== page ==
The good news is, they tend to sing from sunrise to sunset and are quiet during the night.

Did you know that one-acre of prime bottomland forest can produce 1.5 million periodical cicadas? The sheer volume of these insects is amazing but the volume is such that predators can't eat them all.



Cicada Killer
 Speaking of predators, I’ve seen squirrels eat cicadas—mice, rats, frogs, and lizards, too. They’re very high in protein. My cats have a grand old time chasing them; my dogs also will eat them. I haven’t noticed the horses doing so, unless the insects are on the grass the horses eat. I wouldn’t be surprised. I have several bird feeders in the yard and I’ve seen blue jays, cardinals, and quite a few other birds eating the cicadas. I do know from personal experience cicadas make fabulous bate for fishing.


There is one nasty looking wasp that eats them, called a Cicada Killer. These are out in record numbers too. Supply and demand, I suppose.


So there is going to be a loud, shrill, and incessant chorus through the end of June. Once they die—and lordy they stink when they do—we should have normal insect singing again.


Well, until the end of July when the annual Dog Day Cicadas make their appearance.


At least there is not as many of them.







7 comments:

SueO said...

I have this strange desire to cheer the Cicada Killer. Is this wrong?

Interesting post, Sia.

Hope everything else is cool in your world.

Hilary Melton-Butcher said...

Hi Sia .. these 13 and 17 year cycles are quite an amazing feat of nature .. it sounds like you might have your work cut out for you for the next couple of months!

Thanks for all the info - really interesting - cheers Hilary

Tonya Kappes said...

Oh, boy! YOu should've been in my house during the cicada invasion a few years ago. Four little boys + cicadas= disaster!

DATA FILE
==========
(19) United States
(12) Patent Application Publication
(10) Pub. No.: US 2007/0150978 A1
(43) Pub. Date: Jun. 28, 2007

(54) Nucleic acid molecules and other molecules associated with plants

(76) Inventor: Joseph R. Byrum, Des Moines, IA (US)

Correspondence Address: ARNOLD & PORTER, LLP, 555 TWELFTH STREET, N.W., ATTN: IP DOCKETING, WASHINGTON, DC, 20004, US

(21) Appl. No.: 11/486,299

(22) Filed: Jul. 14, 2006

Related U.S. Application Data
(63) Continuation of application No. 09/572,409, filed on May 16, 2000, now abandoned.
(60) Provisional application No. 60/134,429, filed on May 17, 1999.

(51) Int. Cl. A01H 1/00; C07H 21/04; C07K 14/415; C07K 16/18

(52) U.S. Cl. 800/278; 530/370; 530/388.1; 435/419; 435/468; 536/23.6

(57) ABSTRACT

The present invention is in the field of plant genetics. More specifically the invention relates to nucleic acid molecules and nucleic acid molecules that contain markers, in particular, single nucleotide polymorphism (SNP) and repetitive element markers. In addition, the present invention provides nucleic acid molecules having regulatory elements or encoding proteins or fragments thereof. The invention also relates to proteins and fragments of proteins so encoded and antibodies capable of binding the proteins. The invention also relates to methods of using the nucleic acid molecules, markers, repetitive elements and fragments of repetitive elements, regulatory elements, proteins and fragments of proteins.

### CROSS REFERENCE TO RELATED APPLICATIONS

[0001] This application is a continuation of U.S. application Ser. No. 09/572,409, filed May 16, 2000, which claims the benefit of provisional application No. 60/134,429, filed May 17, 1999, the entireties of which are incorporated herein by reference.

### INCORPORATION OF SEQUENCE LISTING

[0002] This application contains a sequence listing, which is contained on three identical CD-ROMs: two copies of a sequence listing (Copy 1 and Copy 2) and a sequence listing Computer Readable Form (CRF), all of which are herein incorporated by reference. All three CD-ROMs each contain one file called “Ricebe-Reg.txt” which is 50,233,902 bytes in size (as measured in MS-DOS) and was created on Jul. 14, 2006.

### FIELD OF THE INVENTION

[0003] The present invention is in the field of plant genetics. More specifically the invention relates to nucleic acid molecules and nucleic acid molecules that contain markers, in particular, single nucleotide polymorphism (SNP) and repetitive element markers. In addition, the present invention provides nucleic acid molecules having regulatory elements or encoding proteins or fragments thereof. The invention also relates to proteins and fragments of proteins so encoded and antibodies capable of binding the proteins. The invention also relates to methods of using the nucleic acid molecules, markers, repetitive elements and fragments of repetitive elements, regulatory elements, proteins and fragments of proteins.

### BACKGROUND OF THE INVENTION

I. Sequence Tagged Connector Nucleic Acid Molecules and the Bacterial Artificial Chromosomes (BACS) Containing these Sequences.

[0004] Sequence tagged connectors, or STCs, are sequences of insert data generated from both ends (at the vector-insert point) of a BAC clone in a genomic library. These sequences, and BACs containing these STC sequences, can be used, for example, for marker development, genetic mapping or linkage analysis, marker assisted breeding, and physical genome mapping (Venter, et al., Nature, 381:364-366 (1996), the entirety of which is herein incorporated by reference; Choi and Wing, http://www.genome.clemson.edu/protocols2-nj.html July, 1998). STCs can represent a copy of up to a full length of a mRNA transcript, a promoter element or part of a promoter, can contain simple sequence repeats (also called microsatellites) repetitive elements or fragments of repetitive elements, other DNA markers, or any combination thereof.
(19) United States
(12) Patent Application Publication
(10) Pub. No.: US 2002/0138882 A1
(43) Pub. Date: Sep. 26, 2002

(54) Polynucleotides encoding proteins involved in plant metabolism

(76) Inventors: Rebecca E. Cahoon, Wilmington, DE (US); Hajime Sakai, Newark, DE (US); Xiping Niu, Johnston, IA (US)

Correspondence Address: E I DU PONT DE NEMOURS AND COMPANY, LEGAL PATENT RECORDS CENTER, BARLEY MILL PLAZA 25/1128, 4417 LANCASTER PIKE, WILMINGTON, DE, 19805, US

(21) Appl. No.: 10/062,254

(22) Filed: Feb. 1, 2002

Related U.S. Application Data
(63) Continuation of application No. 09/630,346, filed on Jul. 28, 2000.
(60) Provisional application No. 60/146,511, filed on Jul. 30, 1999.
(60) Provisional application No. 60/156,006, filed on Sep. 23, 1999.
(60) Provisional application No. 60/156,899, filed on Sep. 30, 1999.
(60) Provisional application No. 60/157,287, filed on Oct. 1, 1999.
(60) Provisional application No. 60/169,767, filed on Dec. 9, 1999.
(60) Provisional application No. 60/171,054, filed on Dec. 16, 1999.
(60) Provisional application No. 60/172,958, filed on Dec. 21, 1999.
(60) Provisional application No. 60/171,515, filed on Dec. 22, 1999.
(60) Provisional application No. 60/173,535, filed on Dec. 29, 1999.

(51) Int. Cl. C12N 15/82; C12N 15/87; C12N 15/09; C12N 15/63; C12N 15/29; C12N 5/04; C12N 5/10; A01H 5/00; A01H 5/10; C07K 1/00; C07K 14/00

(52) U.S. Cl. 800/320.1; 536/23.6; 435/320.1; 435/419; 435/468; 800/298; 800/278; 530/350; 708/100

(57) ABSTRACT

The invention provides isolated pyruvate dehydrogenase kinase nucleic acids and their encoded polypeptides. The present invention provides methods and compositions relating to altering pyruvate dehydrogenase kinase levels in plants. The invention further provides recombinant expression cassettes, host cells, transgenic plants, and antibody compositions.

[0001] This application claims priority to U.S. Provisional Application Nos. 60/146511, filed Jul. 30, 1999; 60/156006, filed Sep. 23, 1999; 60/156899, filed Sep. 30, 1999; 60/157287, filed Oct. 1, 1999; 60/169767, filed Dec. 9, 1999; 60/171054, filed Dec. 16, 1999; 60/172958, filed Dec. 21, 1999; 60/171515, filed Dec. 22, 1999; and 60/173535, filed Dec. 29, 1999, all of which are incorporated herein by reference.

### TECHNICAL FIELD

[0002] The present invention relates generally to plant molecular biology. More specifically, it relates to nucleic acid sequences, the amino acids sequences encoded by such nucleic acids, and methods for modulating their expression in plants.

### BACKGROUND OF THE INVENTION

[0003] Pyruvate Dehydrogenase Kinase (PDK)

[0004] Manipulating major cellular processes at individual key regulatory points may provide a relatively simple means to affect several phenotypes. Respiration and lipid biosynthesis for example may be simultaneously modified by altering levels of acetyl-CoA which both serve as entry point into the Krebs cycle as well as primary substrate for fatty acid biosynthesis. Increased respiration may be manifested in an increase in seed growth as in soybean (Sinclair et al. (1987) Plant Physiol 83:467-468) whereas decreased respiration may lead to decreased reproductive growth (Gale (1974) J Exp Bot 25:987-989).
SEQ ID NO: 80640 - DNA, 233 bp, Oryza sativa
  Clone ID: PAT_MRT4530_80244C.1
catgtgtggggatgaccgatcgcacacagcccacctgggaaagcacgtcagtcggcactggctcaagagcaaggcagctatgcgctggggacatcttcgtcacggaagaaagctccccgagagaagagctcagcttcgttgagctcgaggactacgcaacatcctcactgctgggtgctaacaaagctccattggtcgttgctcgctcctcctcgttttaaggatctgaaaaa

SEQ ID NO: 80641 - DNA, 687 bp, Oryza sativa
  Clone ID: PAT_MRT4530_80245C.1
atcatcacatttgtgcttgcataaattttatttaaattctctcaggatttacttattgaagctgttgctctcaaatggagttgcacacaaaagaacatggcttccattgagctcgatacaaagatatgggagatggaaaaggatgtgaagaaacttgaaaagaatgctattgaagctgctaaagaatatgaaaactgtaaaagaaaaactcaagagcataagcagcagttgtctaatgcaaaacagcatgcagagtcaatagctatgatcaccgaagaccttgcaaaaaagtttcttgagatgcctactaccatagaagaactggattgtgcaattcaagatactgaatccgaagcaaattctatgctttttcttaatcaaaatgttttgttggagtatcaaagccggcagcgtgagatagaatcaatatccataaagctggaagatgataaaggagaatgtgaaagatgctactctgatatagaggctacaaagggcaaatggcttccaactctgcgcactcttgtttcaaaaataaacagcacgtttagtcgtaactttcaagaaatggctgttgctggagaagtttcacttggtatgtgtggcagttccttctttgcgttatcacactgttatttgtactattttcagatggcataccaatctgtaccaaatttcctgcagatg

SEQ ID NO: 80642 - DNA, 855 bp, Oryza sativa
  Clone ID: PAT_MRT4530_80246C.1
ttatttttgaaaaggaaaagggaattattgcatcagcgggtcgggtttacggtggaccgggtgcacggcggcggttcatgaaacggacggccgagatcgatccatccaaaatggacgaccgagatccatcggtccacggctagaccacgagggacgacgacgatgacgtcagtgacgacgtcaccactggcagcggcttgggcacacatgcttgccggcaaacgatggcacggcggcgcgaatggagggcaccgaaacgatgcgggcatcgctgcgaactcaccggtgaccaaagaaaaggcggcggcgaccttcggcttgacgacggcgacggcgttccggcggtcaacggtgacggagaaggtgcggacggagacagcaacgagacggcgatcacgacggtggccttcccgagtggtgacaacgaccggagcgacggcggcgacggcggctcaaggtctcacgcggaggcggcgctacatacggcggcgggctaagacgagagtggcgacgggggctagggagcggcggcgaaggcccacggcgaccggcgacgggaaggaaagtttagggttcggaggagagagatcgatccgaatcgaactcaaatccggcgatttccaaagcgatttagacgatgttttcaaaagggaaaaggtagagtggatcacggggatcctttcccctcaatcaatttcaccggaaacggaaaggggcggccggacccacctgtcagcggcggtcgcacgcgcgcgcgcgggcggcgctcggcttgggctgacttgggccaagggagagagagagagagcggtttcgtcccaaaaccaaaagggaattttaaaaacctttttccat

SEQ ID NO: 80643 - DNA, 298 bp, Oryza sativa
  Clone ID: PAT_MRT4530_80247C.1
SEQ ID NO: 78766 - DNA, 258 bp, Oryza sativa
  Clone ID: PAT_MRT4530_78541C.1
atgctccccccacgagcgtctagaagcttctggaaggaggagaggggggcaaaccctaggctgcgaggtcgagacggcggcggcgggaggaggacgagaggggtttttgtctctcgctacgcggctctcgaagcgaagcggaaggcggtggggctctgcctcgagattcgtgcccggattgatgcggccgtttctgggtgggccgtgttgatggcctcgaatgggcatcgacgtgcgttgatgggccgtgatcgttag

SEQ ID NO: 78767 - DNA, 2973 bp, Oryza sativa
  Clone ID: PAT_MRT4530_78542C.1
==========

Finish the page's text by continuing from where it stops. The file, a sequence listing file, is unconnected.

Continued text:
Jo said...

So glad I don't live near you Sia, the noise would probably drive me nuts. Cicadas are quite noisy enough as it is.

Hope you were not affected by the tornado.

VA said...

Fascinating. Not sure how I'd feel about little carapaces littered everywhere and the crunch of them as I moved about, but I know I'd block out the noise as background--eventually. Nature is amazing. Are they destructive?

~Sia McKye~ said...

Jo, thank you. We survived the tornadoes and they went south east of us. Were 178 miles from Joplin.

The problem I'd dealing with right now is intermittent phone service and internet as this system rages through. And we have this going on for the next 3 days? I'll be nuts.

The noise of the cicadas drives you crazy at times. They haven't been singing much today because it's raining and cool. The ones in the trees about a half mile from here along the creek were clearly singing in the early morning sunshine. Sun's gone and it's really dark and rainy so singing is on hold.

aries18 said...

Sia, I've never heard the cicadas sing. And I hope I never hear the thing you're going to be going through in the next few weeks. But I do marvel at the life cycle of these little bugs. Nature can surely surprise and amaze us if we take the time to just look. Thanks.
wanda